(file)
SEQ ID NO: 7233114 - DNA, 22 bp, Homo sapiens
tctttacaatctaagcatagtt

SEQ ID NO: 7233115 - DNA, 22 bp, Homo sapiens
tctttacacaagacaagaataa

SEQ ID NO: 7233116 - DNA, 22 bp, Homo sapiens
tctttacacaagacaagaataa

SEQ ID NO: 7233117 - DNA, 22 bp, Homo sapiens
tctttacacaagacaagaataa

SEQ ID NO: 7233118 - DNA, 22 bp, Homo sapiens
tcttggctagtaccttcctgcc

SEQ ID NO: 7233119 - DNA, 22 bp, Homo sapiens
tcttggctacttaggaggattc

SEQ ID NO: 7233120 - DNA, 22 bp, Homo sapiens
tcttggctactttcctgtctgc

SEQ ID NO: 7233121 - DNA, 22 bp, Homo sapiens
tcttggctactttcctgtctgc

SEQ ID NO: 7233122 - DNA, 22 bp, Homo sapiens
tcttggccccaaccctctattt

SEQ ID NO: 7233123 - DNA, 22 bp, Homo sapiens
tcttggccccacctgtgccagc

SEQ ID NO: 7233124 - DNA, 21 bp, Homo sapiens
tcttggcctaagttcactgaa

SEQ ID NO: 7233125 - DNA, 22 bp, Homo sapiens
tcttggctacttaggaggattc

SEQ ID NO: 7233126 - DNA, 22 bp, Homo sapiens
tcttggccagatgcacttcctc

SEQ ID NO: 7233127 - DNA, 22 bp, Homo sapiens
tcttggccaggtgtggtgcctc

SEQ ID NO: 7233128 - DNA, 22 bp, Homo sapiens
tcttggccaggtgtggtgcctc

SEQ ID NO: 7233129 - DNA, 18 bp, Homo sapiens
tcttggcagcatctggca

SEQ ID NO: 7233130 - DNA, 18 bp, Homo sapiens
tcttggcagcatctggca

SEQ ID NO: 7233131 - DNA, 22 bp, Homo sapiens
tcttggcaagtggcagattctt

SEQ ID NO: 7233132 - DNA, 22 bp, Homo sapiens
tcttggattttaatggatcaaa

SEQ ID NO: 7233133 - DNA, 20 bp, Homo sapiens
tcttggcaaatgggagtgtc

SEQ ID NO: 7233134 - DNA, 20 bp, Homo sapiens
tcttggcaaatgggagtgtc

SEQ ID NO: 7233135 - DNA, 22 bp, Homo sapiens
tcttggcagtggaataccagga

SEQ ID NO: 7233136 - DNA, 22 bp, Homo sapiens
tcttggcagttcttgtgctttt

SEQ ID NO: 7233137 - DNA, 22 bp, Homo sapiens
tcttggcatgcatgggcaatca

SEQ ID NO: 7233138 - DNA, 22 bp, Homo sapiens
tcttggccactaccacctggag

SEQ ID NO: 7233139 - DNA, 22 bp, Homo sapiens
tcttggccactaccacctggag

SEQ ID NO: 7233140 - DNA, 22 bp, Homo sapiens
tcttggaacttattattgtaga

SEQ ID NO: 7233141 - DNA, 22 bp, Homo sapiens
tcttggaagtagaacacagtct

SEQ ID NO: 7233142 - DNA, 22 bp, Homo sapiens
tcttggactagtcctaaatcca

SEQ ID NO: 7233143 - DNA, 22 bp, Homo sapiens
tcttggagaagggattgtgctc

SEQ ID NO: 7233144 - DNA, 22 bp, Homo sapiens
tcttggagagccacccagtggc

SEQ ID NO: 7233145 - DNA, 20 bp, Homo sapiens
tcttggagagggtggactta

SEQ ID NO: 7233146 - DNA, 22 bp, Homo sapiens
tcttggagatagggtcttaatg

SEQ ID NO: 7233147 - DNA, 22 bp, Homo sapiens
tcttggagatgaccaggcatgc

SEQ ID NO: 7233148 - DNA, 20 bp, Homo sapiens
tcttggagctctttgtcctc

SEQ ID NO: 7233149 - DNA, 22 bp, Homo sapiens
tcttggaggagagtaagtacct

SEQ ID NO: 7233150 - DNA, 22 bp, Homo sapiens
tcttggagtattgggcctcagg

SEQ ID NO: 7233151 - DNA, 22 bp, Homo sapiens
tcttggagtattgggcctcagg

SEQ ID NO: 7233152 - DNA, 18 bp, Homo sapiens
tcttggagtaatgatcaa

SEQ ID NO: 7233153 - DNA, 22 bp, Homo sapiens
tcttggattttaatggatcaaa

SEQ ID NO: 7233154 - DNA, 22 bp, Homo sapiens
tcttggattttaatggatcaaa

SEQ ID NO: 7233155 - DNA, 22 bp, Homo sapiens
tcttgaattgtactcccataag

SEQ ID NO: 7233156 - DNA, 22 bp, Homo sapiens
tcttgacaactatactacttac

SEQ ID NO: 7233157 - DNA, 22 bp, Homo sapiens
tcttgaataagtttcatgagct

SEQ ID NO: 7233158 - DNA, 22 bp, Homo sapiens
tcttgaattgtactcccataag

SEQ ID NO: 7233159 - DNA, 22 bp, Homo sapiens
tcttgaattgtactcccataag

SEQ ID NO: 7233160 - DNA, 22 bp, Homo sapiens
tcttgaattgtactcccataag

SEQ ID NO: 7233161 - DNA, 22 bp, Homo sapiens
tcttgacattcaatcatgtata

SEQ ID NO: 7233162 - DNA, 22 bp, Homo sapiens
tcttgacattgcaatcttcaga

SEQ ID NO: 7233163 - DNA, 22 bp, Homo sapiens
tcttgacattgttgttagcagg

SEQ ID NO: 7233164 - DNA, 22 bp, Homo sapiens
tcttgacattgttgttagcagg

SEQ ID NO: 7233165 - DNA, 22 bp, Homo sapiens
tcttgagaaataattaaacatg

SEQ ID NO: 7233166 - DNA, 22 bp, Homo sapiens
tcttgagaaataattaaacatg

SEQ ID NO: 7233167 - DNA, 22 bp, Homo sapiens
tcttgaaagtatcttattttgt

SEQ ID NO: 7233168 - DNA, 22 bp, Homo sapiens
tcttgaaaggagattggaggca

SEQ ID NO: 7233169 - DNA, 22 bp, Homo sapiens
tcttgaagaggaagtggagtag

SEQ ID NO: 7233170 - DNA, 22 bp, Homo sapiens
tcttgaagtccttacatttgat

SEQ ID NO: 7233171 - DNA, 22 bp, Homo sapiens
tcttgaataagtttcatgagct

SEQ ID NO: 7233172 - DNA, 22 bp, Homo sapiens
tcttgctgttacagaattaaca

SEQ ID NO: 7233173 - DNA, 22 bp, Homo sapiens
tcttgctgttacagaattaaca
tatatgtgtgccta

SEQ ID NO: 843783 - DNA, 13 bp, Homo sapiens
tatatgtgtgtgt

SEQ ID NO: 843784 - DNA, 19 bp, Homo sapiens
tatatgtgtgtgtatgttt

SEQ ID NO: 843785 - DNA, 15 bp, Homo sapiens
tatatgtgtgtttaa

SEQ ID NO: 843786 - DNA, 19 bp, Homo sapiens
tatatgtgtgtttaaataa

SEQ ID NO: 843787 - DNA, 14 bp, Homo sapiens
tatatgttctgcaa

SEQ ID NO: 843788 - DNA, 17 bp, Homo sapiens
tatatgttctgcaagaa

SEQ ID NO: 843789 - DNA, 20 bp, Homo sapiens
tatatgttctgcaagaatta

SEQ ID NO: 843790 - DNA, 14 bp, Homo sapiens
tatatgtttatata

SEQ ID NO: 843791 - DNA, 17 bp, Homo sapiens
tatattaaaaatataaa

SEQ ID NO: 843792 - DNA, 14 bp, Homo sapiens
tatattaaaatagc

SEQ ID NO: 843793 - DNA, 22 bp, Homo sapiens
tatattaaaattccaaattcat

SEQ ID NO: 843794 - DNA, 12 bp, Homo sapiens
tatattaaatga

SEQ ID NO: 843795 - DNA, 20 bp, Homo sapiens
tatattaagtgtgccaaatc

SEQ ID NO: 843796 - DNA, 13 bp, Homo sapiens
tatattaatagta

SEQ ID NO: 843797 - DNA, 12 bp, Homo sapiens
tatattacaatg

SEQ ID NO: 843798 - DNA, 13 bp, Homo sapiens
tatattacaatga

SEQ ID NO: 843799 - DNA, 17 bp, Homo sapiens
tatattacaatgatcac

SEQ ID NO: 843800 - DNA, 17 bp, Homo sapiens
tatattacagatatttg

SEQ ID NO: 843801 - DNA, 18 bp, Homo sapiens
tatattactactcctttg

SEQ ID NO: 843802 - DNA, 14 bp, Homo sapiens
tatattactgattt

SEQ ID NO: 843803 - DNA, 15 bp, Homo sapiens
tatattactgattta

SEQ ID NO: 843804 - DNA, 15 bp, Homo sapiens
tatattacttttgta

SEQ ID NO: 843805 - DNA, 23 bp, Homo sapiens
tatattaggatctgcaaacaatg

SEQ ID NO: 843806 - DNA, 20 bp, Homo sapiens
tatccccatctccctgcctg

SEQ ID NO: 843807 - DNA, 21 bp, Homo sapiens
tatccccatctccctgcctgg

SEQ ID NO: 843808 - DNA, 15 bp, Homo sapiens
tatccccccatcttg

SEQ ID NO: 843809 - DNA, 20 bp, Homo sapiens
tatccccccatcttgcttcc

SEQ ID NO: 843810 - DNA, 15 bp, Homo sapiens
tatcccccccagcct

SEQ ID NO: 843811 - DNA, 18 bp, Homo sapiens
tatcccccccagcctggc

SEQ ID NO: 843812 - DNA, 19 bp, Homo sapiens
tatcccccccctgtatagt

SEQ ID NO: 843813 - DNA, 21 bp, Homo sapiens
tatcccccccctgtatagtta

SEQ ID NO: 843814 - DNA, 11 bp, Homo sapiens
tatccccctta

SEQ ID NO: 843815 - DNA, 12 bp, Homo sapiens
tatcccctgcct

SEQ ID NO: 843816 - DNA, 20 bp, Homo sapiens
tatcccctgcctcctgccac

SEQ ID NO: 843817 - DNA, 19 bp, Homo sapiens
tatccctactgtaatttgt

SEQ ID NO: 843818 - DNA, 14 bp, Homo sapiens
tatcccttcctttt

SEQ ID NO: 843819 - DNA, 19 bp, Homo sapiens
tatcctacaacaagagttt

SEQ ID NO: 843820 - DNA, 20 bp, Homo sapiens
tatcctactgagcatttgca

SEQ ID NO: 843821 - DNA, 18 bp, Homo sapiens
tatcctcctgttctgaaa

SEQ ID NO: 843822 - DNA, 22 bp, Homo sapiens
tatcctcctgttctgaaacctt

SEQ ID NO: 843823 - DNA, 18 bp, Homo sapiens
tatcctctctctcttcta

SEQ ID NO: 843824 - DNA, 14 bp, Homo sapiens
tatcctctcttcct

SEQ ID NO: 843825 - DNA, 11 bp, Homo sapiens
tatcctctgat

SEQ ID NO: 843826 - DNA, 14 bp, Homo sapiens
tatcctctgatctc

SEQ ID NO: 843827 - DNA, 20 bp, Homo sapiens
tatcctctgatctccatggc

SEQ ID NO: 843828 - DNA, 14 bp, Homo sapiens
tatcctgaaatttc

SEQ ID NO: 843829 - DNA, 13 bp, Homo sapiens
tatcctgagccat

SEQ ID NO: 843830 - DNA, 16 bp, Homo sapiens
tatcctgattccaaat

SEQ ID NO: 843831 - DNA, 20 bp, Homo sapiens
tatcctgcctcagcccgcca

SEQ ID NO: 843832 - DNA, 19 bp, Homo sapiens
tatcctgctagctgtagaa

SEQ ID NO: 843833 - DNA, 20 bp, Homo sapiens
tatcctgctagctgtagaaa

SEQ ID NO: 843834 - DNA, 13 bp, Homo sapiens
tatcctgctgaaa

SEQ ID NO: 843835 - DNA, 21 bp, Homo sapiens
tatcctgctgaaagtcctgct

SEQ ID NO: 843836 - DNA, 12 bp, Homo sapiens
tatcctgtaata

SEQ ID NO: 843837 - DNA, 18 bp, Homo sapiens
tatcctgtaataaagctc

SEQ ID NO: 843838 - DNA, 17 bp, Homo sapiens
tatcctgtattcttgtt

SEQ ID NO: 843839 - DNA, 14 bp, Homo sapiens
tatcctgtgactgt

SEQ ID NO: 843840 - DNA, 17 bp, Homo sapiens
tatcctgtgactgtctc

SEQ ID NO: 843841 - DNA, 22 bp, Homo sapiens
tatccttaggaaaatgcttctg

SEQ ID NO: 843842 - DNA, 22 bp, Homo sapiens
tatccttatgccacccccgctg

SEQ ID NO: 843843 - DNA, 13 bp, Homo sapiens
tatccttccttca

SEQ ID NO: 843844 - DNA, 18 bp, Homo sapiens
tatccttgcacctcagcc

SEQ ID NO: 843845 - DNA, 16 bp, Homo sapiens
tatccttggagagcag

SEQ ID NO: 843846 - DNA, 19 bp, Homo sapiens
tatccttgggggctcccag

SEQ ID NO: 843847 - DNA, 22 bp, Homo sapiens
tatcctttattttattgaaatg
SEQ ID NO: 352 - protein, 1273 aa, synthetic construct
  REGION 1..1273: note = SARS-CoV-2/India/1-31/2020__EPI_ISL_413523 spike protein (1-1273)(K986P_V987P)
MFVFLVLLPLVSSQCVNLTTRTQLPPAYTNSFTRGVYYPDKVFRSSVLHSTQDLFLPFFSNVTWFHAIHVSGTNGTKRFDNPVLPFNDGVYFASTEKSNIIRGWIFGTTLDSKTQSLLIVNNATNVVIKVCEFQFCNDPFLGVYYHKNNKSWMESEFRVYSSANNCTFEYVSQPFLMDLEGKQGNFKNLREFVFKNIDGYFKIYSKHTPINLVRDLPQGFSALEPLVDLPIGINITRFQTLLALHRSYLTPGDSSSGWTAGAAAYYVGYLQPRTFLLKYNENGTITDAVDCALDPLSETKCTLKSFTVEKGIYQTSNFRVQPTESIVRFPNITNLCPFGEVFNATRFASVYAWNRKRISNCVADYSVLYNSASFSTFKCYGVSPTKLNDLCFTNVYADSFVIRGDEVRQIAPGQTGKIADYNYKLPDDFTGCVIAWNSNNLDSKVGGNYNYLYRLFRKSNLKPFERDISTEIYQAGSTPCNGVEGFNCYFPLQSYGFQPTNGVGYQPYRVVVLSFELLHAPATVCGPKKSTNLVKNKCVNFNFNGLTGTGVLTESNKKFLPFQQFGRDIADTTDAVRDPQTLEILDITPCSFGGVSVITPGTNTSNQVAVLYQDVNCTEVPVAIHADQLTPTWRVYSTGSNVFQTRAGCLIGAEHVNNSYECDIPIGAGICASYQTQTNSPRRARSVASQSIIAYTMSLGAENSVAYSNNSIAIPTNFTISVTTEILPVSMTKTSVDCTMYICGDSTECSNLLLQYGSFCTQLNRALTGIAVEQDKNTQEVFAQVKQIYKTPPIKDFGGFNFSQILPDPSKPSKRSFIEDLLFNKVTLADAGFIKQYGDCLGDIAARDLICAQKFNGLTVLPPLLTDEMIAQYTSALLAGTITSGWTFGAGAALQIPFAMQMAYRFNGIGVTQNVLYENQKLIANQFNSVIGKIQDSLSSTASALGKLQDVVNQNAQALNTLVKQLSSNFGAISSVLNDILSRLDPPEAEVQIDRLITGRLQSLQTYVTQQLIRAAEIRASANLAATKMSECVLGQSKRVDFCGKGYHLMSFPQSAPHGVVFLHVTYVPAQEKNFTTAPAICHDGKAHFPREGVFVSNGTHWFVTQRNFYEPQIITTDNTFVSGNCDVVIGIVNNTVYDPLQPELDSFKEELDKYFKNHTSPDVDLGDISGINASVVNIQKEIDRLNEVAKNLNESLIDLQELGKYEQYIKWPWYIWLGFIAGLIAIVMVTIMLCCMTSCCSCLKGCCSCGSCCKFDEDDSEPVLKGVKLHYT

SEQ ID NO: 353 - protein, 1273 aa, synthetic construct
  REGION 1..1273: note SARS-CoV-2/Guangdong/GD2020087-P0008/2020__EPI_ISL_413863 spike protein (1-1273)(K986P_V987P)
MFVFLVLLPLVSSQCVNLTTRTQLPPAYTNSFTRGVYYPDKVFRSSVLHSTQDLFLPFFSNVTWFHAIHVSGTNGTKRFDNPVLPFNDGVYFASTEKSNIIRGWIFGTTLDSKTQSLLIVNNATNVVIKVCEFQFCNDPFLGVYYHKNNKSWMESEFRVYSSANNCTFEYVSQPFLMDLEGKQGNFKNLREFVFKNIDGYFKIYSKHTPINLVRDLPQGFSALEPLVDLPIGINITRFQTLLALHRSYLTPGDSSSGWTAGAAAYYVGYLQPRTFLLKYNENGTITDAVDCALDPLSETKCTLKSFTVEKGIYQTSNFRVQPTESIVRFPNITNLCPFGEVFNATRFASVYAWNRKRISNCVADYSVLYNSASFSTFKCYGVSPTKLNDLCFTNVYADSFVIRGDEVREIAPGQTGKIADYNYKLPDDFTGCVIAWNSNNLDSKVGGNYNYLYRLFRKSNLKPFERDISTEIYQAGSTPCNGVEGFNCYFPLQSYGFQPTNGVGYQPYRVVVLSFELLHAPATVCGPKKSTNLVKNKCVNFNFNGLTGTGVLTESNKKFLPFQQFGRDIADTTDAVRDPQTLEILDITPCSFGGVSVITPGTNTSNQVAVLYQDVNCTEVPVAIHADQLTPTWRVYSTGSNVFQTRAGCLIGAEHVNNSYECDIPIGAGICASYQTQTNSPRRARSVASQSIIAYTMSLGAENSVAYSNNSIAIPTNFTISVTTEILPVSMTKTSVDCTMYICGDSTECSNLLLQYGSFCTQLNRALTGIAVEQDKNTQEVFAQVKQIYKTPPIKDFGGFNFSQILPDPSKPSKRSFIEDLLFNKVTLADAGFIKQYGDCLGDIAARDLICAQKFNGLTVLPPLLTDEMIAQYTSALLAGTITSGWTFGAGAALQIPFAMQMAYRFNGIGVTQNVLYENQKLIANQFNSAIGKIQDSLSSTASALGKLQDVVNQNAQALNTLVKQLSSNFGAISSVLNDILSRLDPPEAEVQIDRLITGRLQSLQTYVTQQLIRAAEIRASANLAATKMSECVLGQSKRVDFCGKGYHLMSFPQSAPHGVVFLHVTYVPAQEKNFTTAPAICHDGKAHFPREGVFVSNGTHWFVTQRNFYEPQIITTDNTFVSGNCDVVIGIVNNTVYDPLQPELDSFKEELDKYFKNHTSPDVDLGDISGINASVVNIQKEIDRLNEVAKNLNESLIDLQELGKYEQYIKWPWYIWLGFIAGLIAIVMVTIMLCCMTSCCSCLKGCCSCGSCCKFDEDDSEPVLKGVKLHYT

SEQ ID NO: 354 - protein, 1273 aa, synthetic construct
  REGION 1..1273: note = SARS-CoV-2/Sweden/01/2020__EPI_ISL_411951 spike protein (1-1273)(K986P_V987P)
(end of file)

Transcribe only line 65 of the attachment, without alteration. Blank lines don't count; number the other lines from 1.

SEQ ID NO: 7233146 - DNA, 22 bp, Homo sapiens